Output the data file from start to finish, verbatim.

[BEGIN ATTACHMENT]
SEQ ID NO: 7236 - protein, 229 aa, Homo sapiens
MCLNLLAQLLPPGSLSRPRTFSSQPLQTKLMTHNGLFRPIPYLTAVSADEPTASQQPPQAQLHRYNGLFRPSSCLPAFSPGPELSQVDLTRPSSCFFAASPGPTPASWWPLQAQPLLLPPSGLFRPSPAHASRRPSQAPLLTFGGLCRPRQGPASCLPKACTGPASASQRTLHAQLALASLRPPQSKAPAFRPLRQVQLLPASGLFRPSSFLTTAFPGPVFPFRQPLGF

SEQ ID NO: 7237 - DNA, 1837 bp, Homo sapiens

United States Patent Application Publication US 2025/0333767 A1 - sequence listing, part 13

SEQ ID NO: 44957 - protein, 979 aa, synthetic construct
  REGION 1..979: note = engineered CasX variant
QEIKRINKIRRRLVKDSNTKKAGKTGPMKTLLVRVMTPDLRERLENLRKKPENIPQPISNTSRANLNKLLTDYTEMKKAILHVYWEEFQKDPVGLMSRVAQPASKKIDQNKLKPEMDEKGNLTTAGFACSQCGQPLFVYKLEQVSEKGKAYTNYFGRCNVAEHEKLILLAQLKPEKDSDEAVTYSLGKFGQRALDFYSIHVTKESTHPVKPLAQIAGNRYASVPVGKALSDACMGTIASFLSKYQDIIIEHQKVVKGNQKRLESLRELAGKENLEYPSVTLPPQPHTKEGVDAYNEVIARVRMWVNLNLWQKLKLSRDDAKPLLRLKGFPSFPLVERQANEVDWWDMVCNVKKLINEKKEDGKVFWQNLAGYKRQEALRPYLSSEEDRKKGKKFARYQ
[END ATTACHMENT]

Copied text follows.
SEQ ID NO: 7236 - protein, 229 aa, Homo sapiens
MCLNLLAQLLPPGSLSRPRTFSSQPLQTKLMTHNGLFRPIPYLTAVSADEPTASQQPPQAQLHRYNGLFRPSSCLPAFSPGPELSQVDLTRPSSCFFAASPGPTPASWWPLQAQPLLLPPSGLFRPSPAHASRRPSQAPLLTFGGLCRPRQGPASCLPKACTGPASASQRTLHAQLALASLRPPQSKAPAFRPLRQVQLLPASGLFRPSSFLTTAFPGPVFPFRQPLGF

SEQ ID NO: 7237 - DNA, 1837 bp, Homo sapiens

United States Patent Application Publication US 2025/0333767 A1 - sequence listing, part 13

SEQ ID NO: 44957 - protein, 979 aa, synthetic construct
  REGION 1..979: note = engineered CasX variant
QEIKRINKIRRRLVKDSNTKKAGKTGPMKTLLVRVMTPDLRERLENLRKKPENIPQPISNTSRANLNKLLTDYTEMKKAILHVYWEEFQKDPVGLMSRVAQPASKKIDQNKLKPEMDEKGNLTTAGFACSQCGQPLFVYKLEQVSEKGKAYTNYFGRCNVAEHEKLILLAQLKPEKDSDEAVTYSLGKFGQRALDFYSIHVTKESTHPVKPLAQIAGNRYASVPVGKALSDACMGTIASFLSKYQDIIIEHQKVVKGNQKRLESLRELAGKENLEYPSVTLPPQPHTKEGVDAYNEVIARVRMWVNLNLWQKLKLSRDDAKPLLRLKGFPSFPLVERQANEVDWWDMVCNVKKLINEKKEDGKVFWQNLAGYKRQEALRPYLSSEEDRKKGKKFARYQ